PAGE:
In less than a week, the strike team has already tested more than 700 mostly API residents. Although the program targets Asian and Pacific Islanders, no one is turned away. Their strategy is to reach deeply into ethnic communities where individuals may not speak English well enough to know about how to get tested, or may not be familiar with the general area enough to locate the county’s drive-thru testing Supersites at the Anaheim Convention Center or the Orange County Fairgrounds, or might lack transportation to get there. Mobile pop-up testing will take place between October and December.
OC HCA provided approximately $1 million to OC API for the Strike Team, which the group has used to leverage additional support, such as $100,000 from the California Endowment. Funding is shared with testing provider Kahala Biosciences. The group continues to seek additional outside support for their programs, knowing that the federal government has, so far, failed to reach a deal to fund a second CARES Act.
Korean Community Services and OCAPI Director Ellen Ahn, a Fullerton resident, noted that Orange County is the nation’s third largest API locality. During the press conference, she explained that the API Strike Team testing units are scheduled to appear at religious institutions, groceries stores, city halls, and wherever they can arrange appropriate locations.
A schedule can be found at http://www.apitaskforce.org/covid-19testing. They hope to test essential workers and anyone else who has contact with the public. Director Ahn has worked not only with Dr. Chau at HCA, but has also been in contact with Fullerton City Manager Ken Domer to determine possible pop-up testing sites in the city of Fullerton, possibly in the Richman and Woodcrest neighborhoods.
The API Strike Team grew out of an earlier coalition initiative called LOVE (Loving our Vulnerable and Elderly) formed at the outset of the pandemic to provide food and emergency supplies to older Asian residents during the period of the strict Stay at Home order. Strike Team organizers try not to duplicate the work of the Latino Health Initiative, but have definitely learned from it. One critical difference between the 2 efforts is the number of languages spoken by API residents. Shikha Bhatnager of the South Asian Network listed half a dozen different languages used in her organization’s work alone. No County information had been translated into any of them.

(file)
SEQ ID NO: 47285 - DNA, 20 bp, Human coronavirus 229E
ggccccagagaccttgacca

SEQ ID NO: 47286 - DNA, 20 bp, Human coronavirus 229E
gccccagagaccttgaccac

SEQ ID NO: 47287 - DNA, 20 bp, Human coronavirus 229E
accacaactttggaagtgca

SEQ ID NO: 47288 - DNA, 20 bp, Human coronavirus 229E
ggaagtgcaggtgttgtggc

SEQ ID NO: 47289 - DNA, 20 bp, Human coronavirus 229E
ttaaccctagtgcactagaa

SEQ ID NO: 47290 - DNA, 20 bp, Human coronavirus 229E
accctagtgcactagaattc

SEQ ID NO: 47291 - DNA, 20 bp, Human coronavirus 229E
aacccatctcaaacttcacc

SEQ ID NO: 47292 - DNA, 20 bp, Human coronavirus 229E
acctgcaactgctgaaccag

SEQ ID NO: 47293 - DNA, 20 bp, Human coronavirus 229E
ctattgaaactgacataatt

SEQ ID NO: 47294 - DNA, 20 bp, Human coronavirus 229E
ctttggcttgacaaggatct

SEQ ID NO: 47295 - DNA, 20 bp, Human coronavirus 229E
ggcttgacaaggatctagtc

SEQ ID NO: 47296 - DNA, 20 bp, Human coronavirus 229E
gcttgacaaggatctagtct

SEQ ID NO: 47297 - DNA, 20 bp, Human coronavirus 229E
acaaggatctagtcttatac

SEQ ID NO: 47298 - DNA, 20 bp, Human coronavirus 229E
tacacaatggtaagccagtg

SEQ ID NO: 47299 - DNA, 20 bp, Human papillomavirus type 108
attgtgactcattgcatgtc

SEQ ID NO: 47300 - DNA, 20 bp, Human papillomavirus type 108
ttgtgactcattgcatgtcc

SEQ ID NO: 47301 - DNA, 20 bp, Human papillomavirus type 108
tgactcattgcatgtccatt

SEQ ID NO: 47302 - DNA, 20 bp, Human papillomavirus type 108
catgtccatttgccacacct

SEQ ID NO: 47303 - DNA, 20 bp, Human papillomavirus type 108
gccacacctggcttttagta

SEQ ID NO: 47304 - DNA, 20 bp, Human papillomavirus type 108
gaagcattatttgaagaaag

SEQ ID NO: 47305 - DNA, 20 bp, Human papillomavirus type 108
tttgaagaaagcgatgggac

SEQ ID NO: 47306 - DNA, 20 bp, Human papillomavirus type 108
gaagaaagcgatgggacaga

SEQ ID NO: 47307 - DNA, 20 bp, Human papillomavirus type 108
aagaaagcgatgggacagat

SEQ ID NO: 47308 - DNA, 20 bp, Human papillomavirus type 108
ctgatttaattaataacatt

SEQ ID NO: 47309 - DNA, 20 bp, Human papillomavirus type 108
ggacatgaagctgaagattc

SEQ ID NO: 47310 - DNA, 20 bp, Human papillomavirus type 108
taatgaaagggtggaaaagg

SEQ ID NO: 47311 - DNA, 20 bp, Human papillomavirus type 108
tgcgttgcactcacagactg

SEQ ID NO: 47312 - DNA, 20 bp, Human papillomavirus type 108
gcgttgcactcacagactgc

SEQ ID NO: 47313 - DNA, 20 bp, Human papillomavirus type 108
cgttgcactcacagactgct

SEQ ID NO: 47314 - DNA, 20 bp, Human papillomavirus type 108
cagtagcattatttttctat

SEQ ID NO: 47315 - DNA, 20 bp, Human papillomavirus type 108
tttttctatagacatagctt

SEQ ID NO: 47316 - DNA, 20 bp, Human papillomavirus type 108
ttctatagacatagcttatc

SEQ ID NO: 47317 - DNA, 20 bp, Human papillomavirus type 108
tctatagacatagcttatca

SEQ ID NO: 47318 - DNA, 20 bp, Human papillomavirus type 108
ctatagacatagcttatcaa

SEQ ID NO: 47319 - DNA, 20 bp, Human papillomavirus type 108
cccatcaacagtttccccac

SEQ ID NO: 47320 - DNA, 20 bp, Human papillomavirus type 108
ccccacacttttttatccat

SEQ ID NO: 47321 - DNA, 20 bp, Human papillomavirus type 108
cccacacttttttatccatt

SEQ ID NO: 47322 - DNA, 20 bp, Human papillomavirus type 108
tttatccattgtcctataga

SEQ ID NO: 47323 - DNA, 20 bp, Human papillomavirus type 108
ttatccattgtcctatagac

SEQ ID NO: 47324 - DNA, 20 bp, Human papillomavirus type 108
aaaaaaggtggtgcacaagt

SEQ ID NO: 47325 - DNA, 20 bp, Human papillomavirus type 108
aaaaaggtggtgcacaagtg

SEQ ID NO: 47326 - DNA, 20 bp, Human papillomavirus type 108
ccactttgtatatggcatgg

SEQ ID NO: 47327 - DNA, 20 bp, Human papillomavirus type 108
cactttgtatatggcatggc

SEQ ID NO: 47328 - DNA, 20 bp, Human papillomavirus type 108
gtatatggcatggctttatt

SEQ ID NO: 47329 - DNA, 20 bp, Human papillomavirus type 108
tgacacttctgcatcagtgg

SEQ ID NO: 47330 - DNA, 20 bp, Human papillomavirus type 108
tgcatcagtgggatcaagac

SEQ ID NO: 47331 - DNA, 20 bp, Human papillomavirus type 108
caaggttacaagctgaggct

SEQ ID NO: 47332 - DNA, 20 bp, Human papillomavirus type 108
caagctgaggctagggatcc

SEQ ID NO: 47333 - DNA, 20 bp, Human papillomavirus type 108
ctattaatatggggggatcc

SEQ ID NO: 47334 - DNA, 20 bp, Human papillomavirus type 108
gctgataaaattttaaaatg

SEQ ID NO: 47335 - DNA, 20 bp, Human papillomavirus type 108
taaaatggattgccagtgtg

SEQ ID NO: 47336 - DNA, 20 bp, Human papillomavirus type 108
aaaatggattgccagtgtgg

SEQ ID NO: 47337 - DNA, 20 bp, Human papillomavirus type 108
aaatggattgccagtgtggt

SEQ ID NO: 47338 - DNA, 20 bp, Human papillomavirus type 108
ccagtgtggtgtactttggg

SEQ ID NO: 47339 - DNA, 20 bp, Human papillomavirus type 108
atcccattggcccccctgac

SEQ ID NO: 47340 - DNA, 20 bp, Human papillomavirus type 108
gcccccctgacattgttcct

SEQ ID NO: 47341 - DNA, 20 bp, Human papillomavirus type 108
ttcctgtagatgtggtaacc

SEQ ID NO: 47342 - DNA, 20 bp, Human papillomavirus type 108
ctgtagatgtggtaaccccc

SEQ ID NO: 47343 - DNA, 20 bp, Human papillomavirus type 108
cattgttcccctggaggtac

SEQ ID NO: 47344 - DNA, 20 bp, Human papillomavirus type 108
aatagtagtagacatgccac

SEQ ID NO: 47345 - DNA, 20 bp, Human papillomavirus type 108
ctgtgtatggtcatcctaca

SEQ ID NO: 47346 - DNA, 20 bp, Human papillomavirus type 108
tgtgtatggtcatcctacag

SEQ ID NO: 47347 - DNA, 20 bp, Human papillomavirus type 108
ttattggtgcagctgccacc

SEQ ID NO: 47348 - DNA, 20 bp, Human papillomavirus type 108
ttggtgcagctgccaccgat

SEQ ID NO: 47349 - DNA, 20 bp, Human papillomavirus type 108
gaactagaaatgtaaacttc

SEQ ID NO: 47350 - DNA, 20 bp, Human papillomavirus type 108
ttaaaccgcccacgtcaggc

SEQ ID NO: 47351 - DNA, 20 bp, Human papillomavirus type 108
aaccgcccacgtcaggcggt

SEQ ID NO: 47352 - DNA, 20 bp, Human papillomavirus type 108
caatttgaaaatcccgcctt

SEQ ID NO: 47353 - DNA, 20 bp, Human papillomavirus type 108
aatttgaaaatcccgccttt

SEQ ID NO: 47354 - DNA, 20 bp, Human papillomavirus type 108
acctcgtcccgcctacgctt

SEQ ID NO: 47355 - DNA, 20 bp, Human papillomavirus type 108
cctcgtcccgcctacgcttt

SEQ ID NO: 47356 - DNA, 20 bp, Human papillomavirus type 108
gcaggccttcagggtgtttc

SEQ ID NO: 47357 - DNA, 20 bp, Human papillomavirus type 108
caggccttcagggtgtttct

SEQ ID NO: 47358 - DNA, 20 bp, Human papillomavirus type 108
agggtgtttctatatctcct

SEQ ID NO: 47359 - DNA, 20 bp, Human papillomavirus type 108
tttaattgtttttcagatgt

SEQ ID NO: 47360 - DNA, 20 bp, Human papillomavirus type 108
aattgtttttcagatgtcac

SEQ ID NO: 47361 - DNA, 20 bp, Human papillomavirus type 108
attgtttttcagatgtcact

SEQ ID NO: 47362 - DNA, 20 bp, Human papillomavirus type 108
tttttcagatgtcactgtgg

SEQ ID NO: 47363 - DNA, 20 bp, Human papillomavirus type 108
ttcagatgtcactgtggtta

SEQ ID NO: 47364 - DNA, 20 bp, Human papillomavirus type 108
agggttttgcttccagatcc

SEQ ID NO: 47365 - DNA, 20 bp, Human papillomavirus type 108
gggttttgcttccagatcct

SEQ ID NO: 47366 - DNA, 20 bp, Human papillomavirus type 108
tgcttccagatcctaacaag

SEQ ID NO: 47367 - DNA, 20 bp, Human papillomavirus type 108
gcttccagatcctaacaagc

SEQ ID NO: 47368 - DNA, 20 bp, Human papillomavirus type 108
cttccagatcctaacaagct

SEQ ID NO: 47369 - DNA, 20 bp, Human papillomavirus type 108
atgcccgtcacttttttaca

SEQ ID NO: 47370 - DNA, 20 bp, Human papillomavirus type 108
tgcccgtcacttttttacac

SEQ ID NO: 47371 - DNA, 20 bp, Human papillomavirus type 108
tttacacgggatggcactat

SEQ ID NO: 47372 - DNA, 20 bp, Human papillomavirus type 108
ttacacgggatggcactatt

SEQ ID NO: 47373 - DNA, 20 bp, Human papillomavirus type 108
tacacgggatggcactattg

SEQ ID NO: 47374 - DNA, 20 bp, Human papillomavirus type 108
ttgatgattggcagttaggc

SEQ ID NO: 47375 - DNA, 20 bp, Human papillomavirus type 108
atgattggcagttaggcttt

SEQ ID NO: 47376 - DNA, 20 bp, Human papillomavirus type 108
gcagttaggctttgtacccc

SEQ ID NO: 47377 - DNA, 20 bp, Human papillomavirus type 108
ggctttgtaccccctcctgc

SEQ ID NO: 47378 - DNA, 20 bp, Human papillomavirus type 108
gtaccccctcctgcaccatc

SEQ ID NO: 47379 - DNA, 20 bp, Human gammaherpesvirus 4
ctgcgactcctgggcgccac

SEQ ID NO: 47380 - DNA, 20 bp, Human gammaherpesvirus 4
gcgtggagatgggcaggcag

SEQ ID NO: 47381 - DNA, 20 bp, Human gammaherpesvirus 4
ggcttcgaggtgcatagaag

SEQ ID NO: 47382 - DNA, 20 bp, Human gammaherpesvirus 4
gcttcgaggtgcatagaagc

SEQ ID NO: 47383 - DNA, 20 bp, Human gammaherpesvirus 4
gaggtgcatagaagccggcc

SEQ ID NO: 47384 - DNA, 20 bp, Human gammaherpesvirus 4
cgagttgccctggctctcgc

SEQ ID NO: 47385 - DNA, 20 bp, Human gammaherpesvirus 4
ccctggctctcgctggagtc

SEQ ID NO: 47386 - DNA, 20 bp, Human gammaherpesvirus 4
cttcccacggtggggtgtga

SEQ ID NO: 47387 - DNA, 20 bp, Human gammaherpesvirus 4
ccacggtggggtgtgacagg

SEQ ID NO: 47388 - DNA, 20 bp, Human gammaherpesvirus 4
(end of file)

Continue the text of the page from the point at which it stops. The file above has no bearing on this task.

First District Supervisor Andrew Do, speaking at the press conference announcing the formation of the coalition, said that differing access to health care, income, occupation, living conditions, and other social determinants are examples of inequities that can lead to much greater rates of infections. Fourth District Supervisor Doug Chaffee co-sponsored the initiative on behalf of the County.
Roomkey to Toolbelt
Orange County will be transitioning from the Project Roomkey initiative, created to find housing for people experiencing homelessness and/or at high risk of severe illness during the pandemic, to a new program called Project Toolbelt. Seventy-five percent of Roomkey funding was provided by the Federal Emergency Management Agency (FEMA), and must be spent by the end of the year. Residents currently housed in Roomkey-sponsored hotel rooms and other locations will be referred to alternate housing. The County is partnering with several non-profit support organizations, including Pathways of Hope in north OC.
An earlier version of this story included the specific numbers of vulnerable and/or homeless individuals referred to various forms of housing or treatment by Pathways of Hope in partnership with the Orange County Health Care Agency as part of the program described in the above paragraph. This information was removed from the online version of this story to honor a request by Pathways of Hope Director David Giillanders, who indicated that, according to their agreement with the County HCA, all requests for information about Project Toolbelt should come from that agency’s public information officer.